Saturday, January 07, 2006

Is Lightweight Rowing a "Dying Animal?"

Thinking about how many schools race lightweight women’s boats brings to mind a series of posts that appeared on the Rowers’ World message boards back in November. Several people were lamenting the low number of serious men’s lightweight programs and made some comments that are often applied to both men’s and women’s lightweight rowing. The gist of the discussion was that “lightweight rowing is a dying animal” and that only the Sprints schools have any real interest in perpetuating it.

The arguments seem to be, 1) USRowing doesn’t support lightweight rowing, 2) there are few Olympic lightweight events, 3) only the Sprints schools are competitive at the collegiate level and anyone else who tries to race them gets smoked. These same arguments are often applied to women’s lightweights so let’s forget about the men right now and just concern ourselves with women.

I think it’s true that USRowing doesn’t support lightweight rowing, but I also think this will change. Some of this change will come more quickly because with the USOC emphasis on medal count, USRowing must emphasize small boats. In a quantitative world a lightweight 2x gold counts as much as an 8+ gold. We see the national team already emphasizing small boats and those coaches will love whichever boat offers the best chance of medaling, lightweight or not. Secondly, I believe that FISA will begin to emphasize lightweight rowing more. Given that the Olympic lightweight events constantly seem to be in danger of elimination, this may sound crazy, but the recent vote on the elimination of all of rowing has made FISA understand that the sport needs to become more popular around the world. What’s the best way to do that? More lightweight events so even nations with athletes of smaller stature can compete. If lightweight rowing becomes more prominent internationally, it will be encouraged at the collegiate level.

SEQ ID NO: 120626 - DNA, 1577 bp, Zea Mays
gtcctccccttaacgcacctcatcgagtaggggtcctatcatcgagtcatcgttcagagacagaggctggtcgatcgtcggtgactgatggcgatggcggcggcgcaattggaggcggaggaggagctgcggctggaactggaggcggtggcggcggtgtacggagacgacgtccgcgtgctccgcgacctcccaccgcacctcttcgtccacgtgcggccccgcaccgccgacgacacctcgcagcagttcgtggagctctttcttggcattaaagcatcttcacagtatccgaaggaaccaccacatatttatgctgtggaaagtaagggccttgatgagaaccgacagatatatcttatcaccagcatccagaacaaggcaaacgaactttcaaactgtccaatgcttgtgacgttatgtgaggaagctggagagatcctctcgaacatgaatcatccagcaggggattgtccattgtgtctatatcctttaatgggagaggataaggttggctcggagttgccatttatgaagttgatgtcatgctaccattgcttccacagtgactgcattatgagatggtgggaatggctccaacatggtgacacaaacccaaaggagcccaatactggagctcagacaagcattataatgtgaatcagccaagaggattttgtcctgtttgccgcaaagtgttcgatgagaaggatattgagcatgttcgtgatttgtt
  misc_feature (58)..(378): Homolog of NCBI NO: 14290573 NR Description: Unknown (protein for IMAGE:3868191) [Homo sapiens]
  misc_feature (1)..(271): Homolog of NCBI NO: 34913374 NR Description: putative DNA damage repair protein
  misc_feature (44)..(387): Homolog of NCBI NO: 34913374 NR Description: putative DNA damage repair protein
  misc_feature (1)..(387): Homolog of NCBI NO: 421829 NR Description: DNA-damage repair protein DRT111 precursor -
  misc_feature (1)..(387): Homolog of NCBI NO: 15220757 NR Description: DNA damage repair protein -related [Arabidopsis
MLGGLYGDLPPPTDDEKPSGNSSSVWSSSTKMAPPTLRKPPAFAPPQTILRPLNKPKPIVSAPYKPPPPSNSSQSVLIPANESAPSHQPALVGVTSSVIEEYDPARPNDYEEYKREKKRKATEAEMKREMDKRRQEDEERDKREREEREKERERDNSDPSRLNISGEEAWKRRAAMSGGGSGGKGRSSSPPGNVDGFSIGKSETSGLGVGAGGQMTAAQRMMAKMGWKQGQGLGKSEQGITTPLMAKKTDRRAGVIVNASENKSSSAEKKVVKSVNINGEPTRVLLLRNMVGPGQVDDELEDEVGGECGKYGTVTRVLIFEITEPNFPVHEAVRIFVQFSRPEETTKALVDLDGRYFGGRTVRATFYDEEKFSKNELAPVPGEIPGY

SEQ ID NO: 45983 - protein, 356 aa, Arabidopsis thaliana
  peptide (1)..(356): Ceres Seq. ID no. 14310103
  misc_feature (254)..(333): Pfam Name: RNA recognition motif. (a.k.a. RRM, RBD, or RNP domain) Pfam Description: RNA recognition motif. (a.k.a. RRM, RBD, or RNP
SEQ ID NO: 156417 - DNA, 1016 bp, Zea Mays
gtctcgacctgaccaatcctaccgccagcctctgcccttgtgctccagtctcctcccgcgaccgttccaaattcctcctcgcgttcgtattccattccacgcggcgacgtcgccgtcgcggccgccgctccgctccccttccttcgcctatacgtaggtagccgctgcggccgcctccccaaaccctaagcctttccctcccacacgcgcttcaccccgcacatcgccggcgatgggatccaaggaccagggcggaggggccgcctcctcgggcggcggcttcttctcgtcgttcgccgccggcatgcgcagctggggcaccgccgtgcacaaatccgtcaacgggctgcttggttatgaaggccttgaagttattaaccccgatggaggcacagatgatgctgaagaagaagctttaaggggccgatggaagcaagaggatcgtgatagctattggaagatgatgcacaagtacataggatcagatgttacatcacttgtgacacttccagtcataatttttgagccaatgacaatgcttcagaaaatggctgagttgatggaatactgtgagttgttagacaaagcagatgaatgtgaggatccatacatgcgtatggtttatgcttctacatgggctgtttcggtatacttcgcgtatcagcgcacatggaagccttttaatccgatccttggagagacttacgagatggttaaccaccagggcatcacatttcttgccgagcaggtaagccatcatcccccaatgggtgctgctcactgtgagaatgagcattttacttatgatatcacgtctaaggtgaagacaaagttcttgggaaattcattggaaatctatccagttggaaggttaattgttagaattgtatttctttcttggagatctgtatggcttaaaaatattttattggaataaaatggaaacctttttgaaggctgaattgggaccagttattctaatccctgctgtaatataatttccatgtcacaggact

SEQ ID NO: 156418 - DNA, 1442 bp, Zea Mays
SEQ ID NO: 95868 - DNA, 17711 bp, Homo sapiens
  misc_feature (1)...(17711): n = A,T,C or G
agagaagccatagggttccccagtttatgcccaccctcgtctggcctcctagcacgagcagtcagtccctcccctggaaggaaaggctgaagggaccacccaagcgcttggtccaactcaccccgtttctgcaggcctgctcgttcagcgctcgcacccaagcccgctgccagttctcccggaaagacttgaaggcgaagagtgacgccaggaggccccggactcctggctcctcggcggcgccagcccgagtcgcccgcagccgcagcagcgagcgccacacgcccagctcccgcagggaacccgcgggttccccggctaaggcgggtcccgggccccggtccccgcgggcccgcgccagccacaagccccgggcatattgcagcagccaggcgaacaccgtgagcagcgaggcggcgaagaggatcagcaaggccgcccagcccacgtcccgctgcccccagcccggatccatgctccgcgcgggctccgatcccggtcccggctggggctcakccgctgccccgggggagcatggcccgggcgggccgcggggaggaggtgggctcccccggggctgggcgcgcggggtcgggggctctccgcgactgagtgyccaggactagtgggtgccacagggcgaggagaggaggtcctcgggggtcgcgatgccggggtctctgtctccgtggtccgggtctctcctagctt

I continue to believe that the argument that there is no point in boating a lightweight 8+ because you’ll just get smoked by the Sprints schools is a self-fulfilling prophecy. Schools put together half hearted light eights, send them to IRAs, and then wonder why they bothered when they don’t come close to the top tier. Well guess what – those schools that get their lightweight butts handed to them at IRAs would also get their heavyweight butts handed to them by Sprints schools. I say would because their heavyweights don’t even get invited to the NCAAs (the poor stepsister to the IRAs for heavyweight women). The priority boat in these programs (ECAC and Dad Vail schools) is the heavy eight and still they would get hammered by the Sprints schools. So what exactly is the point here? In fact, only in lightweight events can these schools get anywhere near a national championship (other than breaking into Div I and Div II as the heavies do).

This is where we usually hear the argument that putting together a lightweight 8+ would pull rowers from the heavy 8+, making that boat slower. This is undoubtedly true, but why would coaches prefer to win Dad Vail or ECAC than win the light eight at IRAs? If they think it’s more prestigious to win the heavy eight at Dad Vail than the light eight at IRA, there’s a serious image problem. In fact, we all know that there is a serious image problem with lightweight rowing, and it’s a problem propagated by certain coaches, athletic administrators, and doctors. These people want us to believe that women can’t control their weight without becoming anorexic or bulimic. This greatest of rowing canards creates tremendous pressure against lightweights and keeps the IRA champions from getting their proper due. If Wisconsin’s lights were celebrated as much as Cal’s heavies last year, if lightweight results counted in team points at major regattas, if Rowing News talked about the Wisco Era as they talk about the Harvard Era, schools might actually aspire to race lightweights. (Wisconsin gets it.) In the process they would give more rowers a chance to compete at a higher level of excellence and win more races.

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